Texas Farmers Market April 3 2020

Loquat Leather


Courtesy of Kate Payne
Photography by Jo ann Santangelo

Click here to read the full story with tips and tricks on dehydrating. 

Fairly difficult

Loquat Leather


For 8 Serving(s)


  • 1 pounds loquats
  • 2 tablespoons sugar
  • 1 pinches cinnamon, to taste (optional)
  • 1 pinches nutmeg, to taste (optional)

Loquat Leather Directions

  1. If using an oven, preheat to 175° (or 200°, if necessary).
  2. Halve the loquats from pole to pole, then seed, peel (if not using a food mill) and place the halves into a large saucepan. Cover with just enough water to completely submerge, bring to a boil, then reduce the heat and cook at a low boil for about 15 minutes.
  3. After cooking, the fruit should still be intact but feel tender and soft. Drain and discard the liquid, then press the fruit through a fine sieve or run through a food mill.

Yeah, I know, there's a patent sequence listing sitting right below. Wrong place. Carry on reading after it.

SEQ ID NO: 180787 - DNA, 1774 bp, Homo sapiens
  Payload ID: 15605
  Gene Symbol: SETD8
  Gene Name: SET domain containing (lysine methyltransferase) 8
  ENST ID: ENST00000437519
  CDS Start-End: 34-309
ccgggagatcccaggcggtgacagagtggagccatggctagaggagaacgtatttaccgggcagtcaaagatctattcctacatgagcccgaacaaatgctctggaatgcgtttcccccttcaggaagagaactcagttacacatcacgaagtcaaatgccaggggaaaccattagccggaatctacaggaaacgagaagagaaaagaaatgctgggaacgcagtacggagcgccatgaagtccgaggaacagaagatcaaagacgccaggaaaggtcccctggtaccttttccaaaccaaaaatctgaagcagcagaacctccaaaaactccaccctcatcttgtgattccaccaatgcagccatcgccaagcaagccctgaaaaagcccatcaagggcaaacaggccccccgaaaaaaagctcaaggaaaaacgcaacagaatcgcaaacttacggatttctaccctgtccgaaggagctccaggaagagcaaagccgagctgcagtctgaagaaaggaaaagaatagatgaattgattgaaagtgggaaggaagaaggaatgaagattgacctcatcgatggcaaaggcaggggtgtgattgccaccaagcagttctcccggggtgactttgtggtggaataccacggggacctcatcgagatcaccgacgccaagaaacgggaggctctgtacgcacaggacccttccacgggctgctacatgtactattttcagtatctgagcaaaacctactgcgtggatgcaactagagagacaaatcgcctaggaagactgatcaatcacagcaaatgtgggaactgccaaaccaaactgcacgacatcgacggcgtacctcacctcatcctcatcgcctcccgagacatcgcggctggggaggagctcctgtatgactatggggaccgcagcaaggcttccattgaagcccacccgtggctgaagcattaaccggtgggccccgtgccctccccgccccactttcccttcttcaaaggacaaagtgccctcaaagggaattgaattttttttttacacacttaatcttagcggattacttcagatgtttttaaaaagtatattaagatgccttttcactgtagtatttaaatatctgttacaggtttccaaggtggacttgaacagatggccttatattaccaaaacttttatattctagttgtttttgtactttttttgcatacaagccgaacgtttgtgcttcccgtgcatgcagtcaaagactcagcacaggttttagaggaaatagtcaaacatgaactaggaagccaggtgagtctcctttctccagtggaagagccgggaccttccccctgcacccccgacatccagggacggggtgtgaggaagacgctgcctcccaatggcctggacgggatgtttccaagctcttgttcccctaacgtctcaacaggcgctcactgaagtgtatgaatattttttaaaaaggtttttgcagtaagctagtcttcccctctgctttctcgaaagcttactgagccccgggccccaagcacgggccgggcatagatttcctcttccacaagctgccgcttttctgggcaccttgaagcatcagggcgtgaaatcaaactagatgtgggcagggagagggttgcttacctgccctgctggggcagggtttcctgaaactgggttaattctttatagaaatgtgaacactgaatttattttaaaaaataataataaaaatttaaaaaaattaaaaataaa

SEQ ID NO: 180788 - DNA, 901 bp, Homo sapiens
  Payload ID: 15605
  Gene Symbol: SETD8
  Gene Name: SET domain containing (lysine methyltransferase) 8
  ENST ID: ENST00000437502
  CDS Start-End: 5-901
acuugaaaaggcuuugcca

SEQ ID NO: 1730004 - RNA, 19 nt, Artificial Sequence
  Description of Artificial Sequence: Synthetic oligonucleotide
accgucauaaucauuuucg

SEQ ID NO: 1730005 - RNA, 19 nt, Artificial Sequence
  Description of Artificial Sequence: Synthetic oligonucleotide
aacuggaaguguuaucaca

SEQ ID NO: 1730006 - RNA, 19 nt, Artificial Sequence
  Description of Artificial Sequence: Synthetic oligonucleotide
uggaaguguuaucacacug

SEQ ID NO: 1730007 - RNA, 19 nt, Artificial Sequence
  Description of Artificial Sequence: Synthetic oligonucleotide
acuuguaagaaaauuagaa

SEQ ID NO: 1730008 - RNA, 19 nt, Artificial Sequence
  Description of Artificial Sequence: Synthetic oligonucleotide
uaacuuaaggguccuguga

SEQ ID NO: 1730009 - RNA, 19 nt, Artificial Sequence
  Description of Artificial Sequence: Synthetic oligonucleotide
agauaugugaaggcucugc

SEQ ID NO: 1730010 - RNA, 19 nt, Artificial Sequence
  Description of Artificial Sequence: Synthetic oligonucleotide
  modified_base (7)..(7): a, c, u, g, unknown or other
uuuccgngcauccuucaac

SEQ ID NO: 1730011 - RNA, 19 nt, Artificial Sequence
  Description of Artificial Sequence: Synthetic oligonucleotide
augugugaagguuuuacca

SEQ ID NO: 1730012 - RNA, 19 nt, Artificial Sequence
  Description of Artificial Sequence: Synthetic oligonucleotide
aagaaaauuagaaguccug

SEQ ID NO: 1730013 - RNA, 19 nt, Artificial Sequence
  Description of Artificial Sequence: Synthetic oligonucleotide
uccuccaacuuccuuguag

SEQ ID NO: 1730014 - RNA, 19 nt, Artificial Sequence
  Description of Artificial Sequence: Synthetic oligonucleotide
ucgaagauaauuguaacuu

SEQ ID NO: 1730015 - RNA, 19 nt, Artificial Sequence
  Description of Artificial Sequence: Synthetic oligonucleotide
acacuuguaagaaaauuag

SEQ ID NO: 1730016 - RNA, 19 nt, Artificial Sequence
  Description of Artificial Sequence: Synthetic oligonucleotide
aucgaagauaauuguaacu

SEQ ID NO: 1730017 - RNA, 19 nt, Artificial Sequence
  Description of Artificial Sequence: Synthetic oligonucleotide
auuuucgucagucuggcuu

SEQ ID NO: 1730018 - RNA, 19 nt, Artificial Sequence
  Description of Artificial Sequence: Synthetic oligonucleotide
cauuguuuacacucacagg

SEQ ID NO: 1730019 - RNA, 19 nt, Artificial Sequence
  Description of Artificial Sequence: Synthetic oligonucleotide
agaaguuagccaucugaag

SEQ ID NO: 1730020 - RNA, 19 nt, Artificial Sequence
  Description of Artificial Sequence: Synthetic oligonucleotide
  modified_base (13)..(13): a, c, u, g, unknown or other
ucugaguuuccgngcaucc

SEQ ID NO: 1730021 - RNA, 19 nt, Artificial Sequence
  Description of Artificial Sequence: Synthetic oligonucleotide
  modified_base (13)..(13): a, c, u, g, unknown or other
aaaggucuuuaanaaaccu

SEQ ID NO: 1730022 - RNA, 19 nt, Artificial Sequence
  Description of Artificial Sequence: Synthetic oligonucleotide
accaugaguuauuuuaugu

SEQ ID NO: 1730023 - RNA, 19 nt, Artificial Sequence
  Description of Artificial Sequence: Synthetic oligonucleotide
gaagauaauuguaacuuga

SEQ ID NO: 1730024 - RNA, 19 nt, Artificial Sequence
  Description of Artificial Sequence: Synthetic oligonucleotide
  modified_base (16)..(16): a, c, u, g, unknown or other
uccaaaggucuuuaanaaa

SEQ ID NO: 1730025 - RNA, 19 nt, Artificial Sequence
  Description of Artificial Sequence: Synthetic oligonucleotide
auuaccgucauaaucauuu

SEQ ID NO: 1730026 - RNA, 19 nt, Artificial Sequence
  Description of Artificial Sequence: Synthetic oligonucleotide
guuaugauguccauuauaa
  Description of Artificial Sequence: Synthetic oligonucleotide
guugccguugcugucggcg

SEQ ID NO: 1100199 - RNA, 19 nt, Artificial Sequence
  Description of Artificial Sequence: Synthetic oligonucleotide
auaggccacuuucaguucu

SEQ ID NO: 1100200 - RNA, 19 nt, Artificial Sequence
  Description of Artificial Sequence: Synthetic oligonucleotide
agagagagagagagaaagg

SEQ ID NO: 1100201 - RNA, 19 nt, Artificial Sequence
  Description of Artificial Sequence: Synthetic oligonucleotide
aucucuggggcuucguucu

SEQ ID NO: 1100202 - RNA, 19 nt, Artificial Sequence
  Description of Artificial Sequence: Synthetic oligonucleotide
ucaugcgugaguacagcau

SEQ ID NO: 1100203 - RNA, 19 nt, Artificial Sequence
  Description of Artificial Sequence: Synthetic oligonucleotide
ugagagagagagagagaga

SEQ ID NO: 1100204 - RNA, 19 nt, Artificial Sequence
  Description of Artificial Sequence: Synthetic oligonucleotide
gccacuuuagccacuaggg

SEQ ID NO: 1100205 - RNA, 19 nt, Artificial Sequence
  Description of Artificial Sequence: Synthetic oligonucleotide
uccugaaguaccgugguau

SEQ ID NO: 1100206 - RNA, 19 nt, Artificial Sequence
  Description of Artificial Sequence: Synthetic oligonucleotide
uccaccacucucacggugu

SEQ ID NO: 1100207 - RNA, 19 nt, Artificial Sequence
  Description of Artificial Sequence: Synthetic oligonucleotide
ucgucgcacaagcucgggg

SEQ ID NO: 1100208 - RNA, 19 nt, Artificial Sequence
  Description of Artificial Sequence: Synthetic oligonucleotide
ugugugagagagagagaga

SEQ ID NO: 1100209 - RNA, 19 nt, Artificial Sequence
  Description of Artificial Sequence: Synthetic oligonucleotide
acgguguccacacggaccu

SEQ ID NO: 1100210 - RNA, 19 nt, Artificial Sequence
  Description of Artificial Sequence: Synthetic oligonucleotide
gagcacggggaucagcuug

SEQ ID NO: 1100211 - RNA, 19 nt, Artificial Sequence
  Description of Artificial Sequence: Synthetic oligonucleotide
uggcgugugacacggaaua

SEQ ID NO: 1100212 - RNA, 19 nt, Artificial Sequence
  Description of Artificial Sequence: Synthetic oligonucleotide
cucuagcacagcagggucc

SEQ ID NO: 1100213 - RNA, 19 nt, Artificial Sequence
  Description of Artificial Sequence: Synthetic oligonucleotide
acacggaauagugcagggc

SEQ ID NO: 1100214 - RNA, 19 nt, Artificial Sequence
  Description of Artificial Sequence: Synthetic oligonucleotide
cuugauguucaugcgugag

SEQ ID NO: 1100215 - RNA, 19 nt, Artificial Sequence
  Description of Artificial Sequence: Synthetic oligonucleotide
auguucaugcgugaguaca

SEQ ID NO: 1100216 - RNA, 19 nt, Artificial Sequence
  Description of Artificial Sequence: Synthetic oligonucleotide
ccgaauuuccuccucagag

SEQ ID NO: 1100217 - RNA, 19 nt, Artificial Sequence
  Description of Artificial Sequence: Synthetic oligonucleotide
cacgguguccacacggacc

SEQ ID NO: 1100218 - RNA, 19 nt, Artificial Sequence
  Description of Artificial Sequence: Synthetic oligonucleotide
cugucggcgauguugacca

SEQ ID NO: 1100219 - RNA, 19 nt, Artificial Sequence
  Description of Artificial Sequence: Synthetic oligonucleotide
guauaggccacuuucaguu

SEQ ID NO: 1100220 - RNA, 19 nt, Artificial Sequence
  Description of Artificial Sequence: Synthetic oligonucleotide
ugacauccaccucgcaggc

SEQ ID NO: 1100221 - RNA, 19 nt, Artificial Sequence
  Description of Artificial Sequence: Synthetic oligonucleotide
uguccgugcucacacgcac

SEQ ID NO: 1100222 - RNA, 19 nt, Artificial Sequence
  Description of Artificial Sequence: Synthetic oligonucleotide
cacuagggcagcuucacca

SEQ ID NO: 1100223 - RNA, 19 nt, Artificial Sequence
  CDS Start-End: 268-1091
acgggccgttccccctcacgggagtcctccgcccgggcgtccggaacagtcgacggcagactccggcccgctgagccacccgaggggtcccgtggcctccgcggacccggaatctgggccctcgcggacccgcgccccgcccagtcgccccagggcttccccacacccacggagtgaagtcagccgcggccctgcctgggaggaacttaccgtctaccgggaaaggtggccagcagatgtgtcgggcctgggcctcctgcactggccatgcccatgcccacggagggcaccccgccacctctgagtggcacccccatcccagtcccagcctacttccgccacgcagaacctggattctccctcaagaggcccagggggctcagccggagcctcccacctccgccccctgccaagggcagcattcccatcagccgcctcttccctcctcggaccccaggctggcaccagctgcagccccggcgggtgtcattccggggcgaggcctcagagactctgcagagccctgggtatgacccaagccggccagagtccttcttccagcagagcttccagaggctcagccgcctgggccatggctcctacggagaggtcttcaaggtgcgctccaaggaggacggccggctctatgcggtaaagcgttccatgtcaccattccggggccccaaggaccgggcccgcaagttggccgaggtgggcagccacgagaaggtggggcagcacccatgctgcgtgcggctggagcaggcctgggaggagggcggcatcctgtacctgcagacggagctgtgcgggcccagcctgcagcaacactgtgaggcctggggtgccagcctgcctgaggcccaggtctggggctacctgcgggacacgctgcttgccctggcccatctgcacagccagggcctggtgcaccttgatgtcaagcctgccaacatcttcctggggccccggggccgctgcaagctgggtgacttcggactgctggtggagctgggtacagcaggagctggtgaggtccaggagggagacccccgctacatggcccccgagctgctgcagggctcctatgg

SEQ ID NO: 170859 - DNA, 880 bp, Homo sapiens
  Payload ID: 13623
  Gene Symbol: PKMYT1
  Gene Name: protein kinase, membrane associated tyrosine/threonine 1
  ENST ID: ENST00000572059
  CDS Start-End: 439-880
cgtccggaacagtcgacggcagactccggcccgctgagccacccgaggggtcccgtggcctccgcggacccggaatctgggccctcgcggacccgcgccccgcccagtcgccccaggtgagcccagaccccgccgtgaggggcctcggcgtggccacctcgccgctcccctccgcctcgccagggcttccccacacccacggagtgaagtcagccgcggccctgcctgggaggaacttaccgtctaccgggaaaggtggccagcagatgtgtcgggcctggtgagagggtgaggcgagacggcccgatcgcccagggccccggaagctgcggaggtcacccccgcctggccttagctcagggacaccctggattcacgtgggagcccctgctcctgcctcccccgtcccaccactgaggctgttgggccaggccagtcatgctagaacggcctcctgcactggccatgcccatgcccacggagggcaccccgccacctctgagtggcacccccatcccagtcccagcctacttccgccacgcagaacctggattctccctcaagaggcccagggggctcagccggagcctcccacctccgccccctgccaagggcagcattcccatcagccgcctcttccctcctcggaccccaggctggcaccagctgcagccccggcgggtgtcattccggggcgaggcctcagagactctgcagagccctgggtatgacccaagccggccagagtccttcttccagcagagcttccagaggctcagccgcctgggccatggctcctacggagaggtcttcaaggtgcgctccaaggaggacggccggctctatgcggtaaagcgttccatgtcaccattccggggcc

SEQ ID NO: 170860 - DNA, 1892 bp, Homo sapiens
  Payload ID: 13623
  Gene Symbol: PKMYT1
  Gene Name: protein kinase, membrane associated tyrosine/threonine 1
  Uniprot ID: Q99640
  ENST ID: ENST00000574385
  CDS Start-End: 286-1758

4. Place 1 cup of the puree into a medium saucepan and add the sugar. Bring to a simmer and remove the pan from the heat. Add the cinnamon and nutmeg, if using.
  5. Cover an 11- by 17-inch rimmed cookie sheet with parchment paper. Pour the pureed fruit onto the parchment and use an offset spatula to spread it evenly into a ¼-inch layer. Bake for 2 to 3 hours—until the puree no longer comes up on a finger when dabbed. It should still feel sticky to the touch, though. Peeking into the oven during the course of baking will actually help drop the temperature to where it might be if using a food dehydrator, so check on the leather often.
  6. Once the leather is ready, keep the parchment paper backing on and, using kitchen shears, cut the leather into strips. Roll up each strip, tie with kitchen twine and store in an airtight container for up to 2 months.

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